In spite of the existing bridge, the Isle of Sheppey has some world-class businesses—Weidmuller, a family-owned German company in Halfway, is expanding by one third and hopes to open a new extension at the end of June; Abbott Laboratories, a Chicago-based pharmaceutical company listed on Wall street, in Queenborough; and the port of Sheerness, especially its fresh fruit operations and its car imports, as well as Co-Steel from Canada. There are businesses that have aspirations to become world class, such as Danepak, a Danish company, and our own local furniture maker, Regis Ltd.

In the global economy that the Chancellor of the Exchequer has asked us to embrace, those industries will not stand: they will fall if the bridge is not built. That would plunge the community into a new economic scenario worse than anything it has ever experienced.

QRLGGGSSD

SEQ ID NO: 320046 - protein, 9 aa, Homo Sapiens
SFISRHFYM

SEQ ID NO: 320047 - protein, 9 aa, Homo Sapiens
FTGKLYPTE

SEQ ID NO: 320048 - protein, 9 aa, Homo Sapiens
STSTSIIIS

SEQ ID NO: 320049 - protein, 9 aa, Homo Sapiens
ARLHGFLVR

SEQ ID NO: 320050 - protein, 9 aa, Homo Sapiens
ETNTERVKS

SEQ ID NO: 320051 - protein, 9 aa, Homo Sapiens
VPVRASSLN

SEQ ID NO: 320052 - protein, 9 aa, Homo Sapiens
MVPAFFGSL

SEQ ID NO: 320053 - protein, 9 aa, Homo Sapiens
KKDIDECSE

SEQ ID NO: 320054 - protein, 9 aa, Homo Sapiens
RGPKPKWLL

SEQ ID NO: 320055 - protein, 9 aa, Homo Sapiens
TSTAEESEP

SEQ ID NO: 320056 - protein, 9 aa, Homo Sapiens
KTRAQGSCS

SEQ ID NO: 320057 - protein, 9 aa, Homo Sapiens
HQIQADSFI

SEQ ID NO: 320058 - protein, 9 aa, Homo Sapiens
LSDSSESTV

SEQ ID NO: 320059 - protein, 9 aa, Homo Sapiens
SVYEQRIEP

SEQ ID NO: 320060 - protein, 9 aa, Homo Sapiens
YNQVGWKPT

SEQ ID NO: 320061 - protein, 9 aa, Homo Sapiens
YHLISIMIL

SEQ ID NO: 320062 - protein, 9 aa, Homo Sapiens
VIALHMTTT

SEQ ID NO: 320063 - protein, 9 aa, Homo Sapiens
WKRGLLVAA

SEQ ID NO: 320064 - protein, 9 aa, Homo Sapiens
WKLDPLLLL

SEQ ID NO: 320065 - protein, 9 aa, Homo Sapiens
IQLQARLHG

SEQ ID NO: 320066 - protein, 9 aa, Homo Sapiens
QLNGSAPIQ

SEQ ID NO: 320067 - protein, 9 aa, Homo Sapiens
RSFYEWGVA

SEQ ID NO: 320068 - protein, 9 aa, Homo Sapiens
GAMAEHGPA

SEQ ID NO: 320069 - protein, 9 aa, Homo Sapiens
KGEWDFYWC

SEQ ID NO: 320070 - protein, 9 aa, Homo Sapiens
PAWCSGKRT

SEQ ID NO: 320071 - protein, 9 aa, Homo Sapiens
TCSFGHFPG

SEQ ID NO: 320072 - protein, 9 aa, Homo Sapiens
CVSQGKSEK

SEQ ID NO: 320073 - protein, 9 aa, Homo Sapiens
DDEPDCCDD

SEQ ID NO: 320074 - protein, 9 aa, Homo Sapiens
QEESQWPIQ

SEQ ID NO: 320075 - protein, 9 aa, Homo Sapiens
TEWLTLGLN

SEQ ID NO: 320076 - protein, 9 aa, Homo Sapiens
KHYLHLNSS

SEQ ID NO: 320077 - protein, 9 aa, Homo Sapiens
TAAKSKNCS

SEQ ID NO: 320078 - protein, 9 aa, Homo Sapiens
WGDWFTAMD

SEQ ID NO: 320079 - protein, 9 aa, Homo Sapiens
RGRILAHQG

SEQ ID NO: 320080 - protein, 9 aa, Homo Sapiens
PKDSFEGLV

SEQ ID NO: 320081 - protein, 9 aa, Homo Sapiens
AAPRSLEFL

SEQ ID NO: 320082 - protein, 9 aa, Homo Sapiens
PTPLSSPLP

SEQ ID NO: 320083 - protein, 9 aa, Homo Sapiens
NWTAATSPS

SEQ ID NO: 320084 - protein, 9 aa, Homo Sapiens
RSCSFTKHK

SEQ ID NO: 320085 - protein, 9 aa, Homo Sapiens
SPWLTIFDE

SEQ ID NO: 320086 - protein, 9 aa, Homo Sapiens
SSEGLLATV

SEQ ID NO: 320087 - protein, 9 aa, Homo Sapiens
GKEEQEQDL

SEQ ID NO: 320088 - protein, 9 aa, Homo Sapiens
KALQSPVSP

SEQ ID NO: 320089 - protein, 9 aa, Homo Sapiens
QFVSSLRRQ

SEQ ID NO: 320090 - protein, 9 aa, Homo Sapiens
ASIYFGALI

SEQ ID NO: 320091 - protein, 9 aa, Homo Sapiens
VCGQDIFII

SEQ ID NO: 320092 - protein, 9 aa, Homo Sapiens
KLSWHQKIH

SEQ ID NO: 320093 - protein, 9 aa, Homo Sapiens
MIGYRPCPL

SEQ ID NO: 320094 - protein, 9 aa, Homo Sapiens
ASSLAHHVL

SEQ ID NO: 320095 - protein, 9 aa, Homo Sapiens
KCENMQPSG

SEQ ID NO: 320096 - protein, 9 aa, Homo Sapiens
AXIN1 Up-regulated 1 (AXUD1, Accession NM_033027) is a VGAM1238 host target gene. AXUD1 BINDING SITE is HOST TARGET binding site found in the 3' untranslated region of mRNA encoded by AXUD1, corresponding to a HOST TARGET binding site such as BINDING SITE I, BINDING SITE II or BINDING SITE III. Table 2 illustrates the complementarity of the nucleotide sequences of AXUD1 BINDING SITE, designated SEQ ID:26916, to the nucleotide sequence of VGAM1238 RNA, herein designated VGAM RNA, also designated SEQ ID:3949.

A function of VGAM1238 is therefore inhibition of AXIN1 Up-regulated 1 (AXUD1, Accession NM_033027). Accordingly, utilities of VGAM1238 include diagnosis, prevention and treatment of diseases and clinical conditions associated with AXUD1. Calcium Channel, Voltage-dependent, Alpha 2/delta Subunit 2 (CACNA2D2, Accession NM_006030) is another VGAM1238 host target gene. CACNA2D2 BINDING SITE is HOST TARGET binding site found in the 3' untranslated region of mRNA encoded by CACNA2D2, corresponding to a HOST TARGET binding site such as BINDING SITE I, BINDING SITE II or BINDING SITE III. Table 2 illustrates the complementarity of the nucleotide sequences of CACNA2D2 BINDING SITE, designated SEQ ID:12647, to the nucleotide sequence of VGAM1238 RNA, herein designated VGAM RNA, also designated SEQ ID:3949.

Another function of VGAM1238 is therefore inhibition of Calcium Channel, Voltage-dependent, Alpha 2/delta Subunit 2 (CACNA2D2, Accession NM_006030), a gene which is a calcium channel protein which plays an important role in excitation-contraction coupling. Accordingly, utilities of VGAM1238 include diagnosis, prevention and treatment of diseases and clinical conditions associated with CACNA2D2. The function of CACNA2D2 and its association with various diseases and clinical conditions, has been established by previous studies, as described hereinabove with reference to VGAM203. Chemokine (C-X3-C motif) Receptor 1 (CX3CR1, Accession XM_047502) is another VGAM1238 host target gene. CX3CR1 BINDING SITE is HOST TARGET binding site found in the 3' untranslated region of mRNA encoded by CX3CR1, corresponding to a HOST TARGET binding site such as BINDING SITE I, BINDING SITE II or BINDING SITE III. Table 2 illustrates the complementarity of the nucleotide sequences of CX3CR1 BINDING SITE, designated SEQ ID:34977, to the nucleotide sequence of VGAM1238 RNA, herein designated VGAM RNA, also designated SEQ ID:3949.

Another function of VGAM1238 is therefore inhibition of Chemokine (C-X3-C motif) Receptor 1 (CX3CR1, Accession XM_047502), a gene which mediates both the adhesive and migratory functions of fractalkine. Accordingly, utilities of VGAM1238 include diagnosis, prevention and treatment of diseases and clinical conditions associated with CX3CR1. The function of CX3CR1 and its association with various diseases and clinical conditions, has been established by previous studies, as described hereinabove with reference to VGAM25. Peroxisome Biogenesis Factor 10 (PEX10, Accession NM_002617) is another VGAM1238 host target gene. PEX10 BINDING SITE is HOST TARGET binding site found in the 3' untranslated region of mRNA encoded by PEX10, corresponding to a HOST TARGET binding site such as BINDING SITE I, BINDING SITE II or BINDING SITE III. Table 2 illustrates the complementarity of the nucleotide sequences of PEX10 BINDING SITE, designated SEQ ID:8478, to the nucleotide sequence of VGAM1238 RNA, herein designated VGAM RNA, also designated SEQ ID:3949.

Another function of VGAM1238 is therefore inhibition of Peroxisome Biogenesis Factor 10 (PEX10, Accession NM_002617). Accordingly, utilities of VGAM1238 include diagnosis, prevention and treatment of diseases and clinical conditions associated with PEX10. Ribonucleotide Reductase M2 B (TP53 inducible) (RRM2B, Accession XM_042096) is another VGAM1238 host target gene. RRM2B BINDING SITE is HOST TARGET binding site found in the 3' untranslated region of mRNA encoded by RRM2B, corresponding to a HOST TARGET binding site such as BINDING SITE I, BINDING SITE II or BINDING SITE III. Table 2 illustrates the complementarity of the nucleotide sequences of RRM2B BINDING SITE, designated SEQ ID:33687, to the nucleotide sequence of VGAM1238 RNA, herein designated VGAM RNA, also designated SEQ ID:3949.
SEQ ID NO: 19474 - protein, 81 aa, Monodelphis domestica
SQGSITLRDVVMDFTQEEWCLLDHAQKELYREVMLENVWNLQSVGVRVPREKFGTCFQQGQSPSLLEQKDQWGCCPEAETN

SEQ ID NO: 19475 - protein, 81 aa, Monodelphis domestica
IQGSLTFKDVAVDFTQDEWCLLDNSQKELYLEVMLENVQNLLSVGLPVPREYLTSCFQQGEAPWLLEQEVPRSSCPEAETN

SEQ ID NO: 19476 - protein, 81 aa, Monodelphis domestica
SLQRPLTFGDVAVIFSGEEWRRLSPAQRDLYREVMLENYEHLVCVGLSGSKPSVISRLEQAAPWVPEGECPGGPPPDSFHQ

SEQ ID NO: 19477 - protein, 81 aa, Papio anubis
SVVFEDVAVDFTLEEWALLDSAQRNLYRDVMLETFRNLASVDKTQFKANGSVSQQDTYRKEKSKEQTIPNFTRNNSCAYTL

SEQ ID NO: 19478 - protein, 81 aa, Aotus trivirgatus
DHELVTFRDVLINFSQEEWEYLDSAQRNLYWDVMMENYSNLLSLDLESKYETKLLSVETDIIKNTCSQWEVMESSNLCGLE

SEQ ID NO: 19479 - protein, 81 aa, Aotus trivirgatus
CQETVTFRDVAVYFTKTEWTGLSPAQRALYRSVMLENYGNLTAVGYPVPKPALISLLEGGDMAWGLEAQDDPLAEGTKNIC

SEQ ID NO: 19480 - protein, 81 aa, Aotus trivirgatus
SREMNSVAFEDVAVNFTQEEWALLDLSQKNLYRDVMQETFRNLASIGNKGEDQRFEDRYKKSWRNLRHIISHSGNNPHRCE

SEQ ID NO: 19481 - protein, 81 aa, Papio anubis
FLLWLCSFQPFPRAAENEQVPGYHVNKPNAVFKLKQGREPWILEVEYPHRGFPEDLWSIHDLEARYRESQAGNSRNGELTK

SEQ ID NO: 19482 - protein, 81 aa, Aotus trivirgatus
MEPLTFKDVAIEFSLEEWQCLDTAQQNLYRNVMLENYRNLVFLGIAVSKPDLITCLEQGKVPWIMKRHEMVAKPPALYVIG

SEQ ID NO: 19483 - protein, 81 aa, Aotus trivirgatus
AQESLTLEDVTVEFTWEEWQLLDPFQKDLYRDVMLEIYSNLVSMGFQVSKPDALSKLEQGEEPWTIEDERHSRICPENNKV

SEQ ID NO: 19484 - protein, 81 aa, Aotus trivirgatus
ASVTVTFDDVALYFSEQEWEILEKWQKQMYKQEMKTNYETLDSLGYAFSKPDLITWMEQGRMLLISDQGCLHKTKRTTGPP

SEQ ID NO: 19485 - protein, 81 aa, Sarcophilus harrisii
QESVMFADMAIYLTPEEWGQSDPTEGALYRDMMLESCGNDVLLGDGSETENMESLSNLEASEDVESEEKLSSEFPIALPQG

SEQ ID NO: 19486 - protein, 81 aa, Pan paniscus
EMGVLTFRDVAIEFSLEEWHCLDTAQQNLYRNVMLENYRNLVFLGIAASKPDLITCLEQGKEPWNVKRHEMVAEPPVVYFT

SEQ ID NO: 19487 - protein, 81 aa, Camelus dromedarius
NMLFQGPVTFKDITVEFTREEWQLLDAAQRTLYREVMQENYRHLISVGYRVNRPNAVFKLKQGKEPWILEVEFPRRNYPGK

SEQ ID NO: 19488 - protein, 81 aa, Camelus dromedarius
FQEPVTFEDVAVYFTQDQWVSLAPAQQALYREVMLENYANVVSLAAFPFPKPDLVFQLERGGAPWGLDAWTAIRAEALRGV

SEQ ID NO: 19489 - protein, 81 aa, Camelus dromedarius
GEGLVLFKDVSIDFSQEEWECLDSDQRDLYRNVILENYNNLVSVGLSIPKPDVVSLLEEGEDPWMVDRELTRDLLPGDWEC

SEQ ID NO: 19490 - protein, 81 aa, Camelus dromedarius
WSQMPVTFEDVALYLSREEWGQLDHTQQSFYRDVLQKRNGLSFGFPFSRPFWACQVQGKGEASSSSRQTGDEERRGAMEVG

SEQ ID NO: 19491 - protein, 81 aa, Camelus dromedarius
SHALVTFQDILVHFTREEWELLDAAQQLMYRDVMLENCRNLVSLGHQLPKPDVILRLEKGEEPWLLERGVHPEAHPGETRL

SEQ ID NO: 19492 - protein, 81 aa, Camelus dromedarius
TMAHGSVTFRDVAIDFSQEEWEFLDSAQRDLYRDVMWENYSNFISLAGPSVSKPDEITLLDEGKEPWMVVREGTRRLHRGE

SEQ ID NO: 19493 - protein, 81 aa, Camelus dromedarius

Mr. Jonathan Shaw (Chatham and Aylesford)

I congratulate my hon. Friend on securing this Adjournment debate. The second crossing over the Swale is not only important for the good people of the Isle of Sheppey; it is essential for the regeneration of my constituency, the Medway towns and further afield, right down the Thames gateway area. That is reflected in the early-day motion tabled today by Kent and London Members of the Thames gateway group. Does my hon. Friend agree that the crossing is essential not just for Sheppey, but for the wider area of Kent and east London?

Mr. Wyatt

I thank my hon. Friend, and of course I agree with him. One of the problems is that we are running out of space on the mainland of Sittingbourne to develop new factories. We have space on Sheppey, but we have no bridge that works.